Mayor pitches soda tax to help pay for pre-K and community schools

This article was originally published in The Notebook. In August 2020, The Notebook became Chalkbeat Philadelphia.

Mayor Kenney, in his first budget address, proposed $400 million in new money over five years to pay for a handful of priority initiatives, including universal pre-K and community schools.

The funding, he says, would come from a 3-cents-per-ounce tax on soda, a measure that has twice before been struck down by City Council.

Universal pre-kindergarten is a top goal for the mayor. With almost half of Philadelphia’s children entering kindergarten unprepared, the mayor said, his proposed $256 million investment would help create 25,000 high-quality pre-K seats over the next five years.

Investing in pre-K would have both long-term and more immediate effects on the economy, he said. Raising the number of pre-K slots would create jobs both inside and outside of early childhood education. Having every child in pre-K would also stabilize the workforce, because parents can be more successful at work when they have reliable child care, he said.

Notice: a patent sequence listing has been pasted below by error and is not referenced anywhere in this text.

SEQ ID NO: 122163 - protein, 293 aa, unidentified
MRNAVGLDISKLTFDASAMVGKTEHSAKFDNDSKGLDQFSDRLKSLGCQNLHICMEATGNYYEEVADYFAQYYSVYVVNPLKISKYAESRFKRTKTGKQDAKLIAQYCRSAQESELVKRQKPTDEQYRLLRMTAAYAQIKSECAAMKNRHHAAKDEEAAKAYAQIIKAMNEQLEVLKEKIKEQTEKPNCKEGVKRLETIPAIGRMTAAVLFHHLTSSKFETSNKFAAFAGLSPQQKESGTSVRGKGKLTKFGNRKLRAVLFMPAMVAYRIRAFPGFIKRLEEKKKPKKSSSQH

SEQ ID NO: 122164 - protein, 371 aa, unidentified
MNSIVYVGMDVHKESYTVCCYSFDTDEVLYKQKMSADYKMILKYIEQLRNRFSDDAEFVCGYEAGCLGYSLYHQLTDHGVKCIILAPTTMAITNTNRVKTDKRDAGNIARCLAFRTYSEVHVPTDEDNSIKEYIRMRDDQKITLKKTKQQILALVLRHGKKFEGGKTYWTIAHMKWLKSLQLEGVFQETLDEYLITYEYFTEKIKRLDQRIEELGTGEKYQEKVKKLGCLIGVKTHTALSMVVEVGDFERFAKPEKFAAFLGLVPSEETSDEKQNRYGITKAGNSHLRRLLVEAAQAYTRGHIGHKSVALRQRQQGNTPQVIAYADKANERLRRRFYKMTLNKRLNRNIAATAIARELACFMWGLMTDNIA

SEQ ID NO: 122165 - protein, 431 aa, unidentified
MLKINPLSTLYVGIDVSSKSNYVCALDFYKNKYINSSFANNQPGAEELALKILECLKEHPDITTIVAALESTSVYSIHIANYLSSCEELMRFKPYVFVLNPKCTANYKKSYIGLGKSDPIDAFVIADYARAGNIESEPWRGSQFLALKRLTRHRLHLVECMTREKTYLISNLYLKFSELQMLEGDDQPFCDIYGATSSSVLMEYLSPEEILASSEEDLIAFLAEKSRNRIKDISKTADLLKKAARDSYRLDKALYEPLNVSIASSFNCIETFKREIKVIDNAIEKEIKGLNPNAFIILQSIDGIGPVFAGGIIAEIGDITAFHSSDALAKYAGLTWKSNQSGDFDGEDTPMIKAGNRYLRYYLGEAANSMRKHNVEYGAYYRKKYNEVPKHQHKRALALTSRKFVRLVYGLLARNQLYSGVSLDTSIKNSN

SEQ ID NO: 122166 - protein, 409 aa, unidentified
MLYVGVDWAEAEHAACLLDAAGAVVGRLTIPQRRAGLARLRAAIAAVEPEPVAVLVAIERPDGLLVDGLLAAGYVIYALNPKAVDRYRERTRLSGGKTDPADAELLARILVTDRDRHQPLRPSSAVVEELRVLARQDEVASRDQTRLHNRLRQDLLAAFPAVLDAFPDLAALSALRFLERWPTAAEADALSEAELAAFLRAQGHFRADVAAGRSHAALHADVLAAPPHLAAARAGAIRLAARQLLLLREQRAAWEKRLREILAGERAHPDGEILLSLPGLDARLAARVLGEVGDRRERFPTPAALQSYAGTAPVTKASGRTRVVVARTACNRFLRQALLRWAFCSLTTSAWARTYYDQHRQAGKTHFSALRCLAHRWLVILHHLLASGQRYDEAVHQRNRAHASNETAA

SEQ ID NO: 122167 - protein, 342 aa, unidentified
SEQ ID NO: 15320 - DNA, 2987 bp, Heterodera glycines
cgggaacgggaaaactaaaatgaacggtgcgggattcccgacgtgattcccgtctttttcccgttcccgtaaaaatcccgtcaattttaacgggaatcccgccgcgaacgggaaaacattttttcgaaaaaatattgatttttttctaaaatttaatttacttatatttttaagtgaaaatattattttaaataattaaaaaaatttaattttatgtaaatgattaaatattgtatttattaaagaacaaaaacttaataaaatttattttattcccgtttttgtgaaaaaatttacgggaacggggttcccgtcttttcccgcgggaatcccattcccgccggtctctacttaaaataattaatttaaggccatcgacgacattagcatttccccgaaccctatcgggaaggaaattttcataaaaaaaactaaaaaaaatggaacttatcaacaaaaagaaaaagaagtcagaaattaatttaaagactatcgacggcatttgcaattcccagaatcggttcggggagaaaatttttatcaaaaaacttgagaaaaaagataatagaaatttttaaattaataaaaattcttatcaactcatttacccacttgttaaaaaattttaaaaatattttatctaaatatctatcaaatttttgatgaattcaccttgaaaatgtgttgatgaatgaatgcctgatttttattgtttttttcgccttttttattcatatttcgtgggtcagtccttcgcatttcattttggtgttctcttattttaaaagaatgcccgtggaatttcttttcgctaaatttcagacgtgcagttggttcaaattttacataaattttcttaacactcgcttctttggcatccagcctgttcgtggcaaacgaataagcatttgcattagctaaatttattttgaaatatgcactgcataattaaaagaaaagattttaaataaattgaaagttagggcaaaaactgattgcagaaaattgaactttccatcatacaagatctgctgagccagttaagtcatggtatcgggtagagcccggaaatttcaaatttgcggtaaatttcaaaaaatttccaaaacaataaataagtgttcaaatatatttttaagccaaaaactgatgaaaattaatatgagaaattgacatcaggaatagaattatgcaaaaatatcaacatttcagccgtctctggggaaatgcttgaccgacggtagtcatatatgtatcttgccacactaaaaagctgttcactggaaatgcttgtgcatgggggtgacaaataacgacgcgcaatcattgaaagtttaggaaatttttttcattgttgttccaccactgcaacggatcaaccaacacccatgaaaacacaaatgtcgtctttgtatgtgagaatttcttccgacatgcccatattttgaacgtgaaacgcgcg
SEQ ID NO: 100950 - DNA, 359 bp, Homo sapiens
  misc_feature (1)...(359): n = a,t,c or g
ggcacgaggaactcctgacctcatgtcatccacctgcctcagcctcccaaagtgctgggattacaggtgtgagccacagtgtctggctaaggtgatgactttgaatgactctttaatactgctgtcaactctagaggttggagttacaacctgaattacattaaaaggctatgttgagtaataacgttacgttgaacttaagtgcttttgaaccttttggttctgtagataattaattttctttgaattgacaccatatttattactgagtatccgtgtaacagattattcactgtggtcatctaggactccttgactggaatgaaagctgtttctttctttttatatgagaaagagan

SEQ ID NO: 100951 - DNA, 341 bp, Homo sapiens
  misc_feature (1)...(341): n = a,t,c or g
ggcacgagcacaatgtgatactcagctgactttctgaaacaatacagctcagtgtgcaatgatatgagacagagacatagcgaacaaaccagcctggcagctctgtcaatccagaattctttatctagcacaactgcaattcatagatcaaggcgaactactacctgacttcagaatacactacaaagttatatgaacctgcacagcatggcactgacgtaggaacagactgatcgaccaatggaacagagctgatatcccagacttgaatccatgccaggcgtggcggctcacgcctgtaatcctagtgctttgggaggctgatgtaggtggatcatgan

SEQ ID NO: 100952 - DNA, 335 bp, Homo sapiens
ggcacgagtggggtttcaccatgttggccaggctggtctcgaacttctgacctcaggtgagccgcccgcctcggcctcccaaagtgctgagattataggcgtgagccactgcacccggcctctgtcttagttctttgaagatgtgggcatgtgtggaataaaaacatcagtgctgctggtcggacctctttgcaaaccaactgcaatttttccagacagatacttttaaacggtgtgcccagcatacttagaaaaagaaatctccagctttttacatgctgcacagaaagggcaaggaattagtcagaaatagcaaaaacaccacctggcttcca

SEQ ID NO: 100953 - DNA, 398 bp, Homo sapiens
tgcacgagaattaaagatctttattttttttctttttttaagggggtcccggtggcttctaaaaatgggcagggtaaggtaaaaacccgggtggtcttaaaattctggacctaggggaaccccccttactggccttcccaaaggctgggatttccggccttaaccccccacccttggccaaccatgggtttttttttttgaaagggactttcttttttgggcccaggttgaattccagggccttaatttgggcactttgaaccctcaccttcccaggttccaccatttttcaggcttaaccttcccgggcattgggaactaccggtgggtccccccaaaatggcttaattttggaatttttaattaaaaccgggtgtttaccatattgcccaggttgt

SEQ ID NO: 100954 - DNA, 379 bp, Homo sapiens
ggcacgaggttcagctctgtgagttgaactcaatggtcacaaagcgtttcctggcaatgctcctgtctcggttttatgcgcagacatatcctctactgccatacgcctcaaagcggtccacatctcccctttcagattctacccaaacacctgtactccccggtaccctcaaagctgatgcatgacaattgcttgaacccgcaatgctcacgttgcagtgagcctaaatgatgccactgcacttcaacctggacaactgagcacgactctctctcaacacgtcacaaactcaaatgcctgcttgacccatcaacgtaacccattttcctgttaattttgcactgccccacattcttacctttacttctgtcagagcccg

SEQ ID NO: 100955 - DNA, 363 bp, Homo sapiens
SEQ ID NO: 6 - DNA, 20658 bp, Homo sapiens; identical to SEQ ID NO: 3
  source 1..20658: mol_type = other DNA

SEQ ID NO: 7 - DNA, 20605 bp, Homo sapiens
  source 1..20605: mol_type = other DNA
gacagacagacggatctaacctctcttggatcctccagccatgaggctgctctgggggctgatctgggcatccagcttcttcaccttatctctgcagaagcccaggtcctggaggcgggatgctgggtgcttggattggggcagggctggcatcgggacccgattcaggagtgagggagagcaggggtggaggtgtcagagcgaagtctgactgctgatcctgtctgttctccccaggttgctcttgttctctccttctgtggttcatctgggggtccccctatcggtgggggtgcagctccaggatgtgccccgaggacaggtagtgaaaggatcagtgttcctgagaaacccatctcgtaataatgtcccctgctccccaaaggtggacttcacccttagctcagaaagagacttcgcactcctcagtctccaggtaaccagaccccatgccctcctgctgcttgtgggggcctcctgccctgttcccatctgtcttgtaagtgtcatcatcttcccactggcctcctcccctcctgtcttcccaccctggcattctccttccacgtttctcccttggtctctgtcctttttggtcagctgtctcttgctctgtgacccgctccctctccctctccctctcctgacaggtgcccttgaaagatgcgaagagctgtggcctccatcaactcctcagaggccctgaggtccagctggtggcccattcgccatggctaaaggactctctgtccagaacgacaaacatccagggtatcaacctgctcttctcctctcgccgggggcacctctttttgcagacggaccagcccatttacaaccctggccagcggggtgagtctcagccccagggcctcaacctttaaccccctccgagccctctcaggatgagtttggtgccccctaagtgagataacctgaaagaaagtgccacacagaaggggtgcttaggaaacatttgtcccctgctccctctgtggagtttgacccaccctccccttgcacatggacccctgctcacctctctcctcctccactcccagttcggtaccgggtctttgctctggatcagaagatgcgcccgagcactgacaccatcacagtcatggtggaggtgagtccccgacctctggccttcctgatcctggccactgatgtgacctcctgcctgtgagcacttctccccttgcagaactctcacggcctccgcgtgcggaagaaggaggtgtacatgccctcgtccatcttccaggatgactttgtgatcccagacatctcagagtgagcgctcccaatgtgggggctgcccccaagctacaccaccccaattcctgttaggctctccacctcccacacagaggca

In addition to pre-K, the mayor proposed that $39 million from the soda tax revenue go toward his plan to create 25 community schools in his first term. These schools would act as neighborhood centers, integrating social services and health care into the school, while boosting parental and community engagement.

Here is the text of the mayor’s prepared remarks.

Mayor Kenney Budget Address 2017